- Project plans
- Project activities
- Legislation and standards
- Industry context
Last edited 05 Mar 2020
- 1 : 2500
- 1 : 1250
- 1 : 500
It is common for the term ‘block plan’ to be used interchangeably with ‘site plan’. They are both similar in that they illustrate the development site along with the position of the proposed building(s), as well as any access roads, vegetation, utilities, and so on. They typically indicate the development site and access in red outline, as well as any other land owned by the developer in blue outline.
However, a site plan generally shows in more detail the contents and extent of the site for an existing or proposed development, whereas a block plan shows less detail of the site and more of the surrounding area. In planning applications, block plans can help the local authority determine the possible impacts that the proposed project may have on the wider area.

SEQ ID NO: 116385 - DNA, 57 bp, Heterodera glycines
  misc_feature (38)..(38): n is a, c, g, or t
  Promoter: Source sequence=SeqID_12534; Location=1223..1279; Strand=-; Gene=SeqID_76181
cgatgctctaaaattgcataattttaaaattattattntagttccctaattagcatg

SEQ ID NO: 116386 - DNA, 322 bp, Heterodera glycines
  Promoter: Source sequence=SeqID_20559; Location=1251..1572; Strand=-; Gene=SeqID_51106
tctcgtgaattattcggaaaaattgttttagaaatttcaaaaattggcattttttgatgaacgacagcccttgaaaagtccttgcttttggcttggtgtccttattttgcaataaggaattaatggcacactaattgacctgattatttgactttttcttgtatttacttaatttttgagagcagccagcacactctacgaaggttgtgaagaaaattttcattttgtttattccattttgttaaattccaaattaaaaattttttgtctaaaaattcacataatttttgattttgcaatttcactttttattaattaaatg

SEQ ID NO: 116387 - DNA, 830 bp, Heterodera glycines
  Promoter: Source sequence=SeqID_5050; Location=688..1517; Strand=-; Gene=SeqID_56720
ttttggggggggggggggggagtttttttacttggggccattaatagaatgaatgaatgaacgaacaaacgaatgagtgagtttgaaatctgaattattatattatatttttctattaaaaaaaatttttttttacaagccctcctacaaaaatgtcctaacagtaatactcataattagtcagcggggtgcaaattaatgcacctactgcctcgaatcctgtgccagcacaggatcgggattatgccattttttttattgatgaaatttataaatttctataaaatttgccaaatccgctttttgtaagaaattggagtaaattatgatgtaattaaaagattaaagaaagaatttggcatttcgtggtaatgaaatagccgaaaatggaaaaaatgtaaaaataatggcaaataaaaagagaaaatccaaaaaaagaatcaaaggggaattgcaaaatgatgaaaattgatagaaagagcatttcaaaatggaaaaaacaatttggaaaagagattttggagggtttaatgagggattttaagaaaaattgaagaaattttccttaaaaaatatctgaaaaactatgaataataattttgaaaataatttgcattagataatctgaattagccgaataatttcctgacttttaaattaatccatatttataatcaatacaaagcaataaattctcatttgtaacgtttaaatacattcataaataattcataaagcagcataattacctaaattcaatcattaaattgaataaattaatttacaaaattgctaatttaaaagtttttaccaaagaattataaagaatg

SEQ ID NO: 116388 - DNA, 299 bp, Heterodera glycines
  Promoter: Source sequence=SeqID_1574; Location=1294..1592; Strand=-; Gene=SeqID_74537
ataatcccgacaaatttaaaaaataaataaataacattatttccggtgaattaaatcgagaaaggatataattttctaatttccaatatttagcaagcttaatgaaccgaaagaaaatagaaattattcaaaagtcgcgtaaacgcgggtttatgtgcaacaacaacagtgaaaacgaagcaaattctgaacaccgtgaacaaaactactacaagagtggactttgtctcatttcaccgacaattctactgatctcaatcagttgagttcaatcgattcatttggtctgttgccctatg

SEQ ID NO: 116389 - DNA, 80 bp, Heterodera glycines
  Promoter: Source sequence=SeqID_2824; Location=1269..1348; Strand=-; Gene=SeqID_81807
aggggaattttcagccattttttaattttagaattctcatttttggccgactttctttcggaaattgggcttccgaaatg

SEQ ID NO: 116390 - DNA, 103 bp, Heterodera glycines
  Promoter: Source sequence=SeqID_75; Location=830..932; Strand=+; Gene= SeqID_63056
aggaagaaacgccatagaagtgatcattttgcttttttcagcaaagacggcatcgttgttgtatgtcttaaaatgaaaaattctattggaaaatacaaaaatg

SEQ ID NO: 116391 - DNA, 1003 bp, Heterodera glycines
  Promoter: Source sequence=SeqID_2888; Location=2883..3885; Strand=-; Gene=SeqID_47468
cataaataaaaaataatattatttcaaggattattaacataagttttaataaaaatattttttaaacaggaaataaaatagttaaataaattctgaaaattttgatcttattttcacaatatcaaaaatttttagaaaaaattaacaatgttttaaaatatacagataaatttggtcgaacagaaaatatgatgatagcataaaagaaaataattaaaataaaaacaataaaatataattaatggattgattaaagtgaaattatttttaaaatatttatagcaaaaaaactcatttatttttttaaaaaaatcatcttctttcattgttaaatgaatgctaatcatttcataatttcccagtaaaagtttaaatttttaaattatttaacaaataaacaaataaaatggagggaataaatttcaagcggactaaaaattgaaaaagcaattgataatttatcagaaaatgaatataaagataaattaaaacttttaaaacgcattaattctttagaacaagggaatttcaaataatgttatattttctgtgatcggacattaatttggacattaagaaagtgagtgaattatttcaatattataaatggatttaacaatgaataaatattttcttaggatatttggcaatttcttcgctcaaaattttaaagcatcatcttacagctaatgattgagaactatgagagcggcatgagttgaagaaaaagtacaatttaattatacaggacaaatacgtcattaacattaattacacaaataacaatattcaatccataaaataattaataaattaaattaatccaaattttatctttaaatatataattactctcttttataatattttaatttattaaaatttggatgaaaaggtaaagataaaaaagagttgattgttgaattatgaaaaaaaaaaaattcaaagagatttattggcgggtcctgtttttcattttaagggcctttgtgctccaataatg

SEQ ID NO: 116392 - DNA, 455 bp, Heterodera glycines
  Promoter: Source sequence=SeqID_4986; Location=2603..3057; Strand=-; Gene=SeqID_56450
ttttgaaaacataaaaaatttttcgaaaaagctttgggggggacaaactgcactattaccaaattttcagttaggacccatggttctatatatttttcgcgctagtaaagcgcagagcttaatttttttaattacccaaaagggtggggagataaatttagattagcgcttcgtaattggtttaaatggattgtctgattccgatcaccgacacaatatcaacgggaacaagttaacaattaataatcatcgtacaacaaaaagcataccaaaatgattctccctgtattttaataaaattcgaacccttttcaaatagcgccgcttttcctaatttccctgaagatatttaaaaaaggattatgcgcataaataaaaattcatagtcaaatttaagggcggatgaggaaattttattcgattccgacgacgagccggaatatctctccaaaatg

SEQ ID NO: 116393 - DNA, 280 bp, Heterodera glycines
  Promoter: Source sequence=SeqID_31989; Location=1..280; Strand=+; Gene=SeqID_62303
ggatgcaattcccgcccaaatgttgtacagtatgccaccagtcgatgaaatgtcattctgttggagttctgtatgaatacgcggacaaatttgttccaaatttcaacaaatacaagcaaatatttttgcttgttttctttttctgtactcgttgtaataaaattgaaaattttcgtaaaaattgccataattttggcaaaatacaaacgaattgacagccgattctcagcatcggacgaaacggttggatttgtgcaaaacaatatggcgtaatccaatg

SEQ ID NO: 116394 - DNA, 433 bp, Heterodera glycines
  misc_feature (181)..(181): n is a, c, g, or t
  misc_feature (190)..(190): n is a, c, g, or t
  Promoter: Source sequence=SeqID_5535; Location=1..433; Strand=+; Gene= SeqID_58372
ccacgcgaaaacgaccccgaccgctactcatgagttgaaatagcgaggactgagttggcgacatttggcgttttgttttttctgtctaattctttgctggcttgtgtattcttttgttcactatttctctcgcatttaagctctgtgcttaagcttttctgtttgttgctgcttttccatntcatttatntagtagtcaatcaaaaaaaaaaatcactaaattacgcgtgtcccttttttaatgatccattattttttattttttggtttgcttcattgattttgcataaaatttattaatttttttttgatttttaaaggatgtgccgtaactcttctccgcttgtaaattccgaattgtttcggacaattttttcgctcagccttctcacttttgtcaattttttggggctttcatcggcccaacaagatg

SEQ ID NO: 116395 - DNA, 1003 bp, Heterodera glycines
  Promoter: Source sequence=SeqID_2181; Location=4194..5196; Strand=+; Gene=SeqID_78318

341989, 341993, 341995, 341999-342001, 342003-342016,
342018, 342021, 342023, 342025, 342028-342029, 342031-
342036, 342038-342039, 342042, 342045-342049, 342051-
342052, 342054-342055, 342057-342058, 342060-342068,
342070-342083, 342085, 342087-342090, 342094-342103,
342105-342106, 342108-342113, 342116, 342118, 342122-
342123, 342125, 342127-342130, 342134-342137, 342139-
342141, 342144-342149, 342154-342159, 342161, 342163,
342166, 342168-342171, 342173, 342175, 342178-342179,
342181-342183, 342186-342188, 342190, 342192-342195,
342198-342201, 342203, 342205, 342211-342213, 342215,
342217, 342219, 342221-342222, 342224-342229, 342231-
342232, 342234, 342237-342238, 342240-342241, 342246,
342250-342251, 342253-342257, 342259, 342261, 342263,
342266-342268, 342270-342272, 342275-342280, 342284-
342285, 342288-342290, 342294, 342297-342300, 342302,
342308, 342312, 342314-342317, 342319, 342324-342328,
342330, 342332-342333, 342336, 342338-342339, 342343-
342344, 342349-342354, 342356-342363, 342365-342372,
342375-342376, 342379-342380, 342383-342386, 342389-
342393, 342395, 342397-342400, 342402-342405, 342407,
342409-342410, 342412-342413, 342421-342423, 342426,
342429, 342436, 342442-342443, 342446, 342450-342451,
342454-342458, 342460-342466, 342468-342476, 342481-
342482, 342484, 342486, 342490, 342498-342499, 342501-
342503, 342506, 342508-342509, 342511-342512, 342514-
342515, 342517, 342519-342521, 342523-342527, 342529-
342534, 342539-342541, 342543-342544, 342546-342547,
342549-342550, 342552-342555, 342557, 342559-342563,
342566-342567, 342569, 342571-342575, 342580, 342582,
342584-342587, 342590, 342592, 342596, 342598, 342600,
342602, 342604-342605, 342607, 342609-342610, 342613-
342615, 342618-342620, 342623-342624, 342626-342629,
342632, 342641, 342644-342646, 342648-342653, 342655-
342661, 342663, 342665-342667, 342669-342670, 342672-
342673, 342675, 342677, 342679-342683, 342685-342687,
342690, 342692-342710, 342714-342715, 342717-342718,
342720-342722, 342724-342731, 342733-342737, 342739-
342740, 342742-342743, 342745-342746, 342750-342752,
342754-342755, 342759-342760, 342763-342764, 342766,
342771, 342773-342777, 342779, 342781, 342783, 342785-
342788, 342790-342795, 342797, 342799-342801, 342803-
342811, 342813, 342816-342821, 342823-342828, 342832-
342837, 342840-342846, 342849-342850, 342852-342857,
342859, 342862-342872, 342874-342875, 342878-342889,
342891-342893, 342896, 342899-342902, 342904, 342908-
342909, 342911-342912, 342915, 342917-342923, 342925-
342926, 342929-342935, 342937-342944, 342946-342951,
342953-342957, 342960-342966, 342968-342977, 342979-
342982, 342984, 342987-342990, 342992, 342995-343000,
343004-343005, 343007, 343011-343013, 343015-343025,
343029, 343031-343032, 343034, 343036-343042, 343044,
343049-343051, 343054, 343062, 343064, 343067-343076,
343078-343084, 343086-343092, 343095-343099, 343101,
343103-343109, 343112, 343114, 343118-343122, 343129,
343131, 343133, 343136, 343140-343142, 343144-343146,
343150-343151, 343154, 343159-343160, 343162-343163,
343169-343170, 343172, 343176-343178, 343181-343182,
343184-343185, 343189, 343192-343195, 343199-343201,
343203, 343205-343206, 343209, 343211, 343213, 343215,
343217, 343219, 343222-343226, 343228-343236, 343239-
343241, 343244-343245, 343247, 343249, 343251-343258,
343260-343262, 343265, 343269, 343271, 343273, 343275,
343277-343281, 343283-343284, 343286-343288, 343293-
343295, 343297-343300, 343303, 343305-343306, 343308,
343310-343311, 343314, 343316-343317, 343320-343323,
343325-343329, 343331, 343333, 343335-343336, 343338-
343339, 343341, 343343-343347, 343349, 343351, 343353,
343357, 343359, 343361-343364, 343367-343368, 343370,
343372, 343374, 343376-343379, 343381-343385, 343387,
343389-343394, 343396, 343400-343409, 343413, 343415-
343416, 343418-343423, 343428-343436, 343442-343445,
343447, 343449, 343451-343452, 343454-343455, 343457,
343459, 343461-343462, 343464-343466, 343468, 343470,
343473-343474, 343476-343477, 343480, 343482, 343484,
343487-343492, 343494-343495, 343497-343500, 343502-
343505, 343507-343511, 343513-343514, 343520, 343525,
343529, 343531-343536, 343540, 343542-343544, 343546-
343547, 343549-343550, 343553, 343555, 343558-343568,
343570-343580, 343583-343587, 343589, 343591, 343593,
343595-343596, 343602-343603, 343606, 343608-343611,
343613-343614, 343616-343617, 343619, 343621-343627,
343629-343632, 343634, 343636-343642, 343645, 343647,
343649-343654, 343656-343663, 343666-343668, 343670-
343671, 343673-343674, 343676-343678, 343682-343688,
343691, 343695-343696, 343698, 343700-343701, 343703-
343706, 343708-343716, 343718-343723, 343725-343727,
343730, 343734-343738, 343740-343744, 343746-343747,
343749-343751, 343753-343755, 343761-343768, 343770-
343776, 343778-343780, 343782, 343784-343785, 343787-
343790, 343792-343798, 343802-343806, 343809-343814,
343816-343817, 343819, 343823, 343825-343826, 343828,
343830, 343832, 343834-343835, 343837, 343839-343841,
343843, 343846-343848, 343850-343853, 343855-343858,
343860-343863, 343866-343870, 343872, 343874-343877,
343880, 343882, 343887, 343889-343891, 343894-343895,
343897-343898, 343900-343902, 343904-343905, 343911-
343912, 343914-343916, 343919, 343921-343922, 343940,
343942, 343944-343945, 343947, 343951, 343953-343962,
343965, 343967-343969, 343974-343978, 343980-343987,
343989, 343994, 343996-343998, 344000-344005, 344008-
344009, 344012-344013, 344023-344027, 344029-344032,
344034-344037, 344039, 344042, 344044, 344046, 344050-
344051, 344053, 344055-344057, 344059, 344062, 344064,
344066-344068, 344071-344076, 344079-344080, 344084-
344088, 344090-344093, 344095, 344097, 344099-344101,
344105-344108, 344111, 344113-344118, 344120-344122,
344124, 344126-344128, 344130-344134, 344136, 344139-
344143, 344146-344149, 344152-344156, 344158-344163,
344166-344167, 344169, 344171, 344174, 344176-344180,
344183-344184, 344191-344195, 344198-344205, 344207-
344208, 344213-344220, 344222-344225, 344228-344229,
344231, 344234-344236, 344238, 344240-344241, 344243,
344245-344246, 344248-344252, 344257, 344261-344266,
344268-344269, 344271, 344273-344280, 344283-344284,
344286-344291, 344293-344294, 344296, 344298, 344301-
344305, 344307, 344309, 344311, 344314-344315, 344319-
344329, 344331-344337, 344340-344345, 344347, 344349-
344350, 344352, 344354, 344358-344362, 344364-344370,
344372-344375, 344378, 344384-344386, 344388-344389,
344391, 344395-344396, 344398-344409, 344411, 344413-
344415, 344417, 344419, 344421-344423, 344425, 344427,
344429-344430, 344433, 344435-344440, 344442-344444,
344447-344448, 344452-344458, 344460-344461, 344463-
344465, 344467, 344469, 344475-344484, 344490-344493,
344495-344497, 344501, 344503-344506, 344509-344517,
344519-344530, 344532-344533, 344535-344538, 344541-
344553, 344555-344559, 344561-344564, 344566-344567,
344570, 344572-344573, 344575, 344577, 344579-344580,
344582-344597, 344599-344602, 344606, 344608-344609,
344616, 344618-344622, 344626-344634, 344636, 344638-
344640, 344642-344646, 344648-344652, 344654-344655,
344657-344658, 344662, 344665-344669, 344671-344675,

If it is a large site or if a wider indication of the impact on the surrounding area is necessary, then a location plan may be prepared, identifying where the site is, but giving little detail for the development itself.
 Find out more
 Related articles on Designing Buildings Wiki
Featured articles and news
Using weather and climate information to support infrastructure planning.
Chemicals can slow - and ideally stop - the spread of fire.
Consultation begins on once in a generation changes to the planning system.
Making the case for breathing new life into existing buildings.
Masonry technique from Scotland and Ireland was exported to North America.
Procurement model puts operations in the hands of the client.
Recommendations on face coverings in workplaces.
Putting the rubber IN the road.
Guidance available on latest update from MHCLG.
Style over substance. Book review.